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A Fulfilled Life: Wise Investments through Decision Making

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Have you ever invested in a particular person or thing and felt as if you could never back out of that decision? Well if this makes you feel any better, you are not the only one. There are many individuals who have placed a huge investment in someone or something and felt the loss of their time, effort, or even finances in that investment. The result of that investment may have been heart-wrenching and cause regrets in life. You may have felt that you have lost time and money. It is never too late to weigh your options and act on your decisions wisely.

First, we will discover a theory called Sunk-Cost Effect. Sunk-Cost Effect Theory is an important theory that everyone will embark on in their lifetime. Sunk-Cost Effect Theory developed by theorists Arkes and Blumer (1985) explained that once the decision maker has placed much time, effort or money into a decision, they are reluctant to give up on their investment Arkes, et al, 1985).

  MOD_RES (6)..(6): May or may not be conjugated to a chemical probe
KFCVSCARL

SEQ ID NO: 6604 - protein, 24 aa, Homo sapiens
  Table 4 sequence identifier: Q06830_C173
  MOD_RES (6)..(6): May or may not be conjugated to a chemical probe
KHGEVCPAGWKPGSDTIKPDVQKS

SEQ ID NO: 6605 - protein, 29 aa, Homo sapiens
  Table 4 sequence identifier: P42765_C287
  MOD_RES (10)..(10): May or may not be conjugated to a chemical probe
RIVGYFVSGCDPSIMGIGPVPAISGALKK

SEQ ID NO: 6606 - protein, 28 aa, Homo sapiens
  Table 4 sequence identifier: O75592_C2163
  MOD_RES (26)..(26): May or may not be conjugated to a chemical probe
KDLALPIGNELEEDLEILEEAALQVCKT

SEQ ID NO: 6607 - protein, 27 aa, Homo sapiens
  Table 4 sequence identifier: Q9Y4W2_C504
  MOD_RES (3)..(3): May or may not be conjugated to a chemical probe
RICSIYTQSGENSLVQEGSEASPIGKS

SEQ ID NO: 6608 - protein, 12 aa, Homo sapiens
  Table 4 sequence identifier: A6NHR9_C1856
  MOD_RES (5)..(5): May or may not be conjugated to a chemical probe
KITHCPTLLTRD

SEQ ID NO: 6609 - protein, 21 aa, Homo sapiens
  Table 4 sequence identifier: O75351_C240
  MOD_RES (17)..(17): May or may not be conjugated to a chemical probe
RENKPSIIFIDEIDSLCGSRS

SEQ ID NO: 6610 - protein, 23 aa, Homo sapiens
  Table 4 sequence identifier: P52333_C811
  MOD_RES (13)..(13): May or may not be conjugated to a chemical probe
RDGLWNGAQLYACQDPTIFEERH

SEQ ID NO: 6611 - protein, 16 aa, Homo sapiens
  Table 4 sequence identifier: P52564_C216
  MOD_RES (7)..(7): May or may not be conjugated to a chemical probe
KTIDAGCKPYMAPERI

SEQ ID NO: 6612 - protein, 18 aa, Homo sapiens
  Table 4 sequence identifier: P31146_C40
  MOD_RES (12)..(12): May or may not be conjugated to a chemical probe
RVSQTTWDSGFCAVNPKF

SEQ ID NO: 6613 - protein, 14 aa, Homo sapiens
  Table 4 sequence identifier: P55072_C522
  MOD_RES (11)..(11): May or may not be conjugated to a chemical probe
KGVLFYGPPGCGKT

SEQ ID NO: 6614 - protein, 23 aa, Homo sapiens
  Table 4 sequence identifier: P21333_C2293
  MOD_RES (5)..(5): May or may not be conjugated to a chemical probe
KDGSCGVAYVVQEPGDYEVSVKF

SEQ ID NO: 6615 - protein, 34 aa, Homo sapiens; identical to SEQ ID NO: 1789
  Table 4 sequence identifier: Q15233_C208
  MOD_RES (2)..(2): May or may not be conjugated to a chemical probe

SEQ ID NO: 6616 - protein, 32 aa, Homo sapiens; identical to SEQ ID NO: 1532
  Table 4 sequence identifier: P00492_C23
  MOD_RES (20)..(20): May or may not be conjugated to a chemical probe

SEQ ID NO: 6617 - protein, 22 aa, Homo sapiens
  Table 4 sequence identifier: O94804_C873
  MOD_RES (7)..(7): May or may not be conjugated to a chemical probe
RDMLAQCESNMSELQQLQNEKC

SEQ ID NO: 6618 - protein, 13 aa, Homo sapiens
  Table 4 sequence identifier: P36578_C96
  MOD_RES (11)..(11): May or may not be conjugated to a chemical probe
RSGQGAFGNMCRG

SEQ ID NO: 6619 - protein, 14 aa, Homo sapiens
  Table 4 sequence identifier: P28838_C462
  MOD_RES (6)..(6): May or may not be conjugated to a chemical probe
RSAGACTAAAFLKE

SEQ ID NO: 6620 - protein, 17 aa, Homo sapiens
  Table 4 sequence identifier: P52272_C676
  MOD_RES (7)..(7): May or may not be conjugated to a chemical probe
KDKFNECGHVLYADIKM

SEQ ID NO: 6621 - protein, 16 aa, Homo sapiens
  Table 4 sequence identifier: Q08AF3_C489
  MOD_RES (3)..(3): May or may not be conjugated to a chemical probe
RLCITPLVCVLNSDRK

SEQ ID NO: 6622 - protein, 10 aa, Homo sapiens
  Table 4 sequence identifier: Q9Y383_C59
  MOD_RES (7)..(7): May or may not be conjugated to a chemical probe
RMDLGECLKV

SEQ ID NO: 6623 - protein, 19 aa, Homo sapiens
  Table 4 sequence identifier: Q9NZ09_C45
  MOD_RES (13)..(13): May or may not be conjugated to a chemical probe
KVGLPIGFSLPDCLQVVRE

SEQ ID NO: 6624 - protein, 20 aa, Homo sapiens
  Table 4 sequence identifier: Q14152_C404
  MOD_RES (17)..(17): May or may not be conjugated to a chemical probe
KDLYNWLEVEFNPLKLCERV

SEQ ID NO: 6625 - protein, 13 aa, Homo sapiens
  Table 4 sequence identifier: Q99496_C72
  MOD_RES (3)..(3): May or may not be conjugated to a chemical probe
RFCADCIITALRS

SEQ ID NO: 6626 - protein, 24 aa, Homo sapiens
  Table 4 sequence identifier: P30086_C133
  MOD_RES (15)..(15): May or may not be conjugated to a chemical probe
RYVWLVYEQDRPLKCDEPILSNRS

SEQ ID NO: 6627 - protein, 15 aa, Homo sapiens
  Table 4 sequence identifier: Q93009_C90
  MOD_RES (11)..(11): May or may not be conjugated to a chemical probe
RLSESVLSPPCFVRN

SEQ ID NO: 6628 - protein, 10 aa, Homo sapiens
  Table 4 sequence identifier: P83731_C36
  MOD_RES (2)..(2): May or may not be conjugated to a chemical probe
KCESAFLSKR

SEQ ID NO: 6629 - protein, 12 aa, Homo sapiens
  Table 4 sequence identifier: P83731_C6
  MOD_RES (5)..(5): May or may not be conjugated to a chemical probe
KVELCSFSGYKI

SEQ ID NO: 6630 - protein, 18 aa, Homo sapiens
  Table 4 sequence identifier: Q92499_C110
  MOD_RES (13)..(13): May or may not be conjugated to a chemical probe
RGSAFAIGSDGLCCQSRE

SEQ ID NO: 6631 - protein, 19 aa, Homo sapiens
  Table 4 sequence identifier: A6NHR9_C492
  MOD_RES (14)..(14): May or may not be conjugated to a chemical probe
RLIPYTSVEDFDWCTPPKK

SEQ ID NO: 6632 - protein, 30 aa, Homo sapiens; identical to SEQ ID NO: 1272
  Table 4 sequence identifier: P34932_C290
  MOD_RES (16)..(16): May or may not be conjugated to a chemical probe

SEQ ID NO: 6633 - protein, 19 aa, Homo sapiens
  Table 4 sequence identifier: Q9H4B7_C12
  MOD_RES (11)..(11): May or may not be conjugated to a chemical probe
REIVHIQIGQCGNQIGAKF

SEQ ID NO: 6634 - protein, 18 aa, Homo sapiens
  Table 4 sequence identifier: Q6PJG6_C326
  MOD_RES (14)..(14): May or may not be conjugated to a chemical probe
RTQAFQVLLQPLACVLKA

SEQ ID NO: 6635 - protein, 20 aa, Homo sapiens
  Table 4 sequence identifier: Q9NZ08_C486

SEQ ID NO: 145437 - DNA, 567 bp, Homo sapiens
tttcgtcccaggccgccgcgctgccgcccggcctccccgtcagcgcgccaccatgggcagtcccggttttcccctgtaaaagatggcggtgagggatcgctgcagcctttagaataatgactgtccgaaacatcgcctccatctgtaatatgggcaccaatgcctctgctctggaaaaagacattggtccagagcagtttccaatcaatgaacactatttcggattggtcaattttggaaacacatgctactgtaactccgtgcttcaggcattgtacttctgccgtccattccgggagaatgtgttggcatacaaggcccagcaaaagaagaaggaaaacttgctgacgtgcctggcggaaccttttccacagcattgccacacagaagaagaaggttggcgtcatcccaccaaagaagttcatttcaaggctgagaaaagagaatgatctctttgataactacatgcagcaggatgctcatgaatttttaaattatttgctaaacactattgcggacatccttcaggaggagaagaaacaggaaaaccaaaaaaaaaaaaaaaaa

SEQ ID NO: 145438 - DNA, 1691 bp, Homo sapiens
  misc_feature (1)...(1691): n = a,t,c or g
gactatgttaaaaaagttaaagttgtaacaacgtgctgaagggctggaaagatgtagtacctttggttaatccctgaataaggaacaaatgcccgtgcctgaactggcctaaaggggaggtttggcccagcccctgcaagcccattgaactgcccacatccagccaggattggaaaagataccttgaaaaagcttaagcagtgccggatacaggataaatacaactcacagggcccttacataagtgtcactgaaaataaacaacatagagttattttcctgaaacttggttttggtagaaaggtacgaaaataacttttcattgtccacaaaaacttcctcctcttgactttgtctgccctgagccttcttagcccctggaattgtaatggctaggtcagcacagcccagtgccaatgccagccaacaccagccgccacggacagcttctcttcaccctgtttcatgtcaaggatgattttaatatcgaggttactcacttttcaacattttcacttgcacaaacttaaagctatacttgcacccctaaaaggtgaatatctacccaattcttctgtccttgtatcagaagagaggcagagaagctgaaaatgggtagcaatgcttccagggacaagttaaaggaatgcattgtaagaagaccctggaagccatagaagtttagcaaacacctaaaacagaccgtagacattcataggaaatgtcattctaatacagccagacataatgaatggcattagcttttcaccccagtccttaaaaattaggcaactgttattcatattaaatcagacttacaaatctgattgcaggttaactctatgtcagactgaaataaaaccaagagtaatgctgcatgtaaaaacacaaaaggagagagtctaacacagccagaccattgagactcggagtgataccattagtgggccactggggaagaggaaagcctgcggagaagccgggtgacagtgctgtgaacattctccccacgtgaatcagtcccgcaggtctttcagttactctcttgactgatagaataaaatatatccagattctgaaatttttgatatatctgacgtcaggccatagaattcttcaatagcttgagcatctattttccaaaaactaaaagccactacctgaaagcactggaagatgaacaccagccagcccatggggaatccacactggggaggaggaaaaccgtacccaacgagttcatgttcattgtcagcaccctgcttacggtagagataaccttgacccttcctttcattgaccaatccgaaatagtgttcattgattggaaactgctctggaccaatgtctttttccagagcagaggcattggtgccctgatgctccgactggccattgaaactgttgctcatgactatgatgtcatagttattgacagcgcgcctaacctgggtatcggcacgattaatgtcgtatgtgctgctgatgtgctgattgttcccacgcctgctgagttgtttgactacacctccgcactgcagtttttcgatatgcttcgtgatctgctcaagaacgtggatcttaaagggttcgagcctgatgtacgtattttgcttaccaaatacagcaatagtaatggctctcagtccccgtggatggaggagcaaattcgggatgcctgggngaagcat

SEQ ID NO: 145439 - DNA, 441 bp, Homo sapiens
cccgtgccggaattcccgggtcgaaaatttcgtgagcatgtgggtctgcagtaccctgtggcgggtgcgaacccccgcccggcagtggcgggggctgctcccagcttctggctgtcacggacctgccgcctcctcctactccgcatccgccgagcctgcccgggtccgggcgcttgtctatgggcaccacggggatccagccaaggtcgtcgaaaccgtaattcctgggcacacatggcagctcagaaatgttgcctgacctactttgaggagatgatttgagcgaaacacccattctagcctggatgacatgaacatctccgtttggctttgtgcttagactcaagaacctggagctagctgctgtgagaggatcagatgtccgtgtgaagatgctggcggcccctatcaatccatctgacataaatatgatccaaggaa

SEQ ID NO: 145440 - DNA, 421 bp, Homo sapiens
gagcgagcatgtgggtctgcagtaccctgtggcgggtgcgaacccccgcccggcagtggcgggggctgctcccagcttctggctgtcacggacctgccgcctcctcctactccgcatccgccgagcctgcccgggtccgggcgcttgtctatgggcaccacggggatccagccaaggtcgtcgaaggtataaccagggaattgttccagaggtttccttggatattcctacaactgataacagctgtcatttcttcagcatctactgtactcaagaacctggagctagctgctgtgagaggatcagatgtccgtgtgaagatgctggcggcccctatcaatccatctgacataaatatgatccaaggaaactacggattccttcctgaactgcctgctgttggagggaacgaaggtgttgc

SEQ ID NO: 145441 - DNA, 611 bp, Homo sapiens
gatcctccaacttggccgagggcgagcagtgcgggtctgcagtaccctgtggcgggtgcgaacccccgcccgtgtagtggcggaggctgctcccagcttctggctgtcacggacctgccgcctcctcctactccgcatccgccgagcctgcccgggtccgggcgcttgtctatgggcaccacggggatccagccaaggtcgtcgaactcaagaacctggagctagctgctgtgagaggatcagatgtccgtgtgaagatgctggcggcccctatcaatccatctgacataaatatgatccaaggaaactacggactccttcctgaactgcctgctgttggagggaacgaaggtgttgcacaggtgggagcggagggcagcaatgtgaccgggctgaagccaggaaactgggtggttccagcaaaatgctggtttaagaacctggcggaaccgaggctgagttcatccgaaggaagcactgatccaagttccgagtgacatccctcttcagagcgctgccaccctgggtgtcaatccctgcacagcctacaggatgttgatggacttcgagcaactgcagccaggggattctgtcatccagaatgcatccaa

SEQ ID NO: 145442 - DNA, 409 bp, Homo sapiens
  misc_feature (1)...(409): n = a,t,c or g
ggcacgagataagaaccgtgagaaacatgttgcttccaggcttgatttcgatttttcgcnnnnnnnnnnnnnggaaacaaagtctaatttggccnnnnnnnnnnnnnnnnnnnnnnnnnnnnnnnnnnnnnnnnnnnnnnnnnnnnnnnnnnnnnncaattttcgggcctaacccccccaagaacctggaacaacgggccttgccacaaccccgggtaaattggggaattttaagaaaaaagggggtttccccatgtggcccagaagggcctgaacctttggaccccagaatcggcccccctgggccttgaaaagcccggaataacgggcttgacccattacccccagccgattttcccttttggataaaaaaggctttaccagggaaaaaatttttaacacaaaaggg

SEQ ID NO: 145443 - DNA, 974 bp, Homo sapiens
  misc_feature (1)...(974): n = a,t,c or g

Second, giving up on something you placed time or even money into would not be an easy thing to give up. For instance, a student who discovers that college is not right for him or her would be less likely to walk away from what he or she perceives as an investment for the future. In Sunk-Cost Effect Theory, the student is in their sophomore year of college and therefore may feel reluctant to enter another program specializing in a vocational trade. Are you like the student who feels they should continue with college even though they may not be successful at it? Are you the individual that has the willpower and confidence to pursue something that may be a wise investment for your future? Remember that the decisions made today will greatly impact your future.

In general, Sunk Cost Effect Theory for decision makers may be a tough ordeal; however, the decision must be made on the overall effect of the decision. Sometimes it is better to walk away from an investment that may not be worth it in the end, than sticking to an investment that may cause further harm and regret.

References

Arkes, H. and Blumer, C (1985) The Psychology of Sunk Cost. Organizational Behavior and Human Decision Processes 35, 124-140

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